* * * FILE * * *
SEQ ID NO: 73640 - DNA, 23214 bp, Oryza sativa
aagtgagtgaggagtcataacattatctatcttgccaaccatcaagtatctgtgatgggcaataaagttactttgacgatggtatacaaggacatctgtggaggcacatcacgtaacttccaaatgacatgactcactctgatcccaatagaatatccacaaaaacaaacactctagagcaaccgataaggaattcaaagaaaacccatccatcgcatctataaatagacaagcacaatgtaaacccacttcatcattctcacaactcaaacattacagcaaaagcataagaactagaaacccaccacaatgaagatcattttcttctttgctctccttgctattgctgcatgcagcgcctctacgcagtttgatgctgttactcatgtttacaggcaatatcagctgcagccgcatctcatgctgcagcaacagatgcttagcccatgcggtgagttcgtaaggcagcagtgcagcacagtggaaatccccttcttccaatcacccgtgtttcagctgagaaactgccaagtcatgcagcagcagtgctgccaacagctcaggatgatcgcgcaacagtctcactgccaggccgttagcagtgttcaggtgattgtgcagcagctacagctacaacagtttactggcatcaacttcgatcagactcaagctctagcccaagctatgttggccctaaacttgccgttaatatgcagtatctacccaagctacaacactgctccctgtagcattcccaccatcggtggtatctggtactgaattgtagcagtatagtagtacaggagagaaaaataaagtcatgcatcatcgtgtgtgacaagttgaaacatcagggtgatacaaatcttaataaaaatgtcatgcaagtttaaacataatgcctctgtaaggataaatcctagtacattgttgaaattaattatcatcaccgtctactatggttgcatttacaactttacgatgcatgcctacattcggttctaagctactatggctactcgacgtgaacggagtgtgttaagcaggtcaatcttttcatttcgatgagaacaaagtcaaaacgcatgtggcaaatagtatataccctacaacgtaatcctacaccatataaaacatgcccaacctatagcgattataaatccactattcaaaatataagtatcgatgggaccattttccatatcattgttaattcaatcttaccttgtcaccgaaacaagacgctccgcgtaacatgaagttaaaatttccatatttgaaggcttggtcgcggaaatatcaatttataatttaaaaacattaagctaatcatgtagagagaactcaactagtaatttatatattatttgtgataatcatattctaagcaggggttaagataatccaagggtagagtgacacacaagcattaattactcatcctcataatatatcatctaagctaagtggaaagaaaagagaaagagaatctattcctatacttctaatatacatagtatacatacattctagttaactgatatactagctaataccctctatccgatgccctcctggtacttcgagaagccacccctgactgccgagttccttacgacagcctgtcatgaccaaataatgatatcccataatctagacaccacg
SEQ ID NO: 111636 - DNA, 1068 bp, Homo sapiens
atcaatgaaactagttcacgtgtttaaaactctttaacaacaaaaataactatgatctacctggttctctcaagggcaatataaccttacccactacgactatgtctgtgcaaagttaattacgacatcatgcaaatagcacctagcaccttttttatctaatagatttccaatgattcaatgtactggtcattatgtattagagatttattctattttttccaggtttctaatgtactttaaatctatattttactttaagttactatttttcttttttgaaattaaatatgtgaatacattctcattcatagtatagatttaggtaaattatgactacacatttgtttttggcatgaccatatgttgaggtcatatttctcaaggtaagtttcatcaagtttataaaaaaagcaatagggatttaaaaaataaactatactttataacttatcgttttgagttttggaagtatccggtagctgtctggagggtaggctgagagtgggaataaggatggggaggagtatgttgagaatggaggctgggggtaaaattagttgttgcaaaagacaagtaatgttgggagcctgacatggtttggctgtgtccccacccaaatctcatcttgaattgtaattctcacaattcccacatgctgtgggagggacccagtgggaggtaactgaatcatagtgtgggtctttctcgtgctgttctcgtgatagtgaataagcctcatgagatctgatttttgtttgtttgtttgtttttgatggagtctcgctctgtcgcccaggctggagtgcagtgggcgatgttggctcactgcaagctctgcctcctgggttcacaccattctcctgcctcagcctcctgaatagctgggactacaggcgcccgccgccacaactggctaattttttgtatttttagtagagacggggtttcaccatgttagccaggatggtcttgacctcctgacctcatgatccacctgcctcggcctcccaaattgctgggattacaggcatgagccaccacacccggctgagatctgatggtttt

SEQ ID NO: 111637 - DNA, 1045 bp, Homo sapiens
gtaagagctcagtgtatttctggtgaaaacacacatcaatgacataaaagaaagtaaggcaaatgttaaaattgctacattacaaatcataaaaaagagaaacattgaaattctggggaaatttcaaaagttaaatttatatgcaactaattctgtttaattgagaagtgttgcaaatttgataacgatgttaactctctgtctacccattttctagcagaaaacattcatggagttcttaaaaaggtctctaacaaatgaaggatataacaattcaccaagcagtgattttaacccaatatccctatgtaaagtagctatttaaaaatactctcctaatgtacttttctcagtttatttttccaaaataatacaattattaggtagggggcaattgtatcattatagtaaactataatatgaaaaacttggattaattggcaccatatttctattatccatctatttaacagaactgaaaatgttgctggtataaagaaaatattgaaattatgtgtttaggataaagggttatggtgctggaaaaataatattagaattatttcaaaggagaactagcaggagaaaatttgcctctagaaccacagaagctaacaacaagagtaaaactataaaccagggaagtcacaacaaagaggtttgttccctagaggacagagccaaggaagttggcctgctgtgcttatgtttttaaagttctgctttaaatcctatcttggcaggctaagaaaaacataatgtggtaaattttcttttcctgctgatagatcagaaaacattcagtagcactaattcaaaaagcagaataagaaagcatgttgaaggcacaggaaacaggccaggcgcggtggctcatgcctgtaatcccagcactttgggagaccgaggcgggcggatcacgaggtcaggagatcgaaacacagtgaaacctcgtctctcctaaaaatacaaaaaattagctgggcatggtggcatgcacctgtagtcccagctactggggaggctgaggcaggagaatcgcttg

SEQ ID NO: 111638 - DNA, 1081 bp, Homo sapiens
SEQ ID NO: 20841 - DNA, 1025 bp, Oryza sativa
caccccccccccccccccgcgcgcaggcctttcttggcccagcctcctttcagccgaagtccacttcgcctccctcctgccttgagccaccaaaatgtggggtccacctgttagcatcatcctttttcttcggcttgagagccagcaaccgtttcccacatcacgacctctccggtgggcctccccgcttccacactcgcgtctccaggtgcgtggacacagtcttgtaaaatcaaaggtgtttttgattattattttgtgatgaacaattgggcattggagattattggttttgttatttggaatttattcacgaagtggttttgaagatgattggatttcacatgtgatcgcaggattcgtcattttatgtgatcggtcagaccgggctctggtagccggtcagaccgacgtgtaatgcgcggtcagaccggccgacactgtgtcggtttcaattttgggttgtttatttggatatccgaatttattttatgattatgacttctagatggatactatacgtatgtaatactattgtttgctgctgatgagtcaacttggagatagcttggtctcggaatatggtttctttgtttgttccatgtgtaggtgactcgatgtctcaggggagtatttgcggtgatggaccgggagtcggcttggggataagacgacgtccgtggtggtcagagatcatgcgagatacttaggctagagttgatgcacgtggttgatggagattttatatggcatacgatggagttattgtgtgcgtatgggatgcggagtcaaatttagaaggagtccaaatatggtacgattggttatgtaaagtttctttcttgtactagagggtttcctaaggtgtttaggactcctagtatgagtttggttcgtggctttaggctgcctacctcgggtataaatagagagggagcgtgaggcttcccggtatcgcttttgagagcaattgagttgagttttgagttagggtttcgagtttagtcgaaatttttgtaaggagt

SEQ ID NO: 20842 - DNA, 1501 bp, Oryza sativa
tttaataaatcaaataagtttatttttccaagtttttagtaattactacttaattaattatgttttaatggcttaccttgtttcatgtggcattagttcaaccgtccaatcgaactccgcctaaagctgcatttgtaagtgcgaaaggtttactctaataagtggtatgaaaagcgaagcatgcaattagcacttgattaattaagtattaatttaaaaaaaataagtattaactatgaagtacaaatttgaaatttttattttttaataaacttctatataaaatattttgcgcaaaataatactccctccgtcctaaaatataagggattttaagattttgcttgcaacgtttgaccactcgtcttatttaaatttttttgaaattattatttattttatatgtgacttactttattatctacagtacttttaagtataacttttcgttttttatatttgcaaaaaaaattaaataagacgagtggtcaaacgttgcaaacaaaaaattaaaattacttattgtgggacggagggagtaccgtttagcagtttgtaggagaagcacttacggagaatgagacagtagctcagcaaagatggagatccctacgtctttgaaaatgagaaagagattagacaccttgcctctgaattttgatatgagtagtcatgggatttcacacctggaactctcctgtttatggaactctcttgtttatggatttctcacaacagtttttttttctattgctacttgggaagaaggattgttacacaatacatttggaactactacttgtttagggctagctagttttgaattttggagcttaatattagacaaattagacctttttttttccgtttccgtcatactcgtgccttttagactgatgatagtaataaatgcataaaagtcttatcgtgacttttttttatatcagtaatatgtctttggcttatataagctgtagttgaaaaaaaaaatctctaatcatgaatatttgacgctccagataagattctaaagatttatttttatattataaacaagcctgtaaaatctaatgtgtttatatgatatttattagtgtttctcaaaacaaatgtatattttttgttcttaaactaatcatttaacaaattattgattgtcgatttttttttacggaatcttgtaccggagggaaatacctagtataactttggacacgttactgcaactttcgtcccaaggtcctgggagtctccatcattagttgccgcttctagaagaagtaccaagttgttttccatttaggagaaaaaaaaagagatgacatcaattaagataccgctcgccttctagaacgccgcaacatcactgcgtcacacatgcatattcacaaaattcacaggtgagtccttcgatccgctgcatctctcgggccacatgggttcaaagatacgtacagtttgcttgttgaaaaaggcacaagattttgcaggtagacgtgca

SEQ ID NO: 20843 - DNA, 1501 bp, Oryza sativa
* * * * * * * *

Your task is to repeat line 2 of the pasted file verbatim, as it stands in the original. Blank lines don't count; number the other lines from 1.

aagtgagtgaggagtcataacattatctatcttgccaaccatcaagtatctgtgatgggcaataaagttactttgacgatggtatacaaggacatctgtggaggcacatcacgtaacttccaaatgacatgactcactctgatcccaatagaatatccacaaaaacaaacactctagagcaaccgataaggaattcaaagaaaacccatccatcgcatctataaatagacaagcacaatgtaaacccacttcatcattctcacaactcaaacattacagcaaaagcataagaactagaaacccaccacaatgaagatcattttcttctttgctctccttgctattgctgcatgcagcgcctctacgcagtttgatgctgttactcatgtttacaggcaatatcagctgcagccgcatctcatgctgcagcaacagatgcttagcccatgcggtgagttcgtaaggcagcagtgcagcacagtggaaatccccttcttccaatcacccgtgtttcagctgagaaactgccaagtcatgcagcagcagtgctgccaacagctcaggatgatcgcgcaacagtctcactgccaggccgttagcagtgttcaggtgattgtgcagcagctacagctacaacagtttactggcatcaacttcgatcagactcaagctctagcccaagctatgttggccctaaacttgccgttaatatgcagtatctacccaagctacaacactgctccctgtagcattcccaccatcggtggtatctggtactgaattgtagcagtatagtagtacaggagagaaaaataaagtcatgcatcatcgtgtgtgacaagttgaaacatcagggtgatacaaatcttaataaaaatgtcatgcaagtttaaacataatgcctctgtaaggataaatcctagtacattgttgaaattaattatcatcaccgtctactatggttgcatttacaactttacgatgcatgcctacattcggttctaagctactatggctactcgacgtgaacggagtgtgttaagcaggtcaatcttttcatttcgatgagaacaaagtcaaaacgcatgtggcaaatagtatataccctacaacgtaatcctacaccatataaaacatgcccaacctatagcgattataaatccactattcaaaatataagtatcgatgggaccattttccatatcattgttaattcaatcttaccttgtcaccgaaacaagacgctccgcgtaacatgaagttaaaatttccatatttgaaggcttggtcgcggaaatatcaatttataatttaaaaacattaagctaatcatgtagagagaactcaactagtaatttatatattatttgtgataatcatattctaagcaggggttaagataatccaagggtagagtgacacacaagcattaattactcatcctcataatatatcatctaagctaagtggaaagaaaagagaaagagaatctattcctatacttctaatatacatagtatacatacattctagttaactgatatactagctaataccctctatccgatgccctcctggtacttcgagaagccacccctgactgccgagttccttacgacagcctgtcatgaccaaataatgatatcccataatctagacaccacg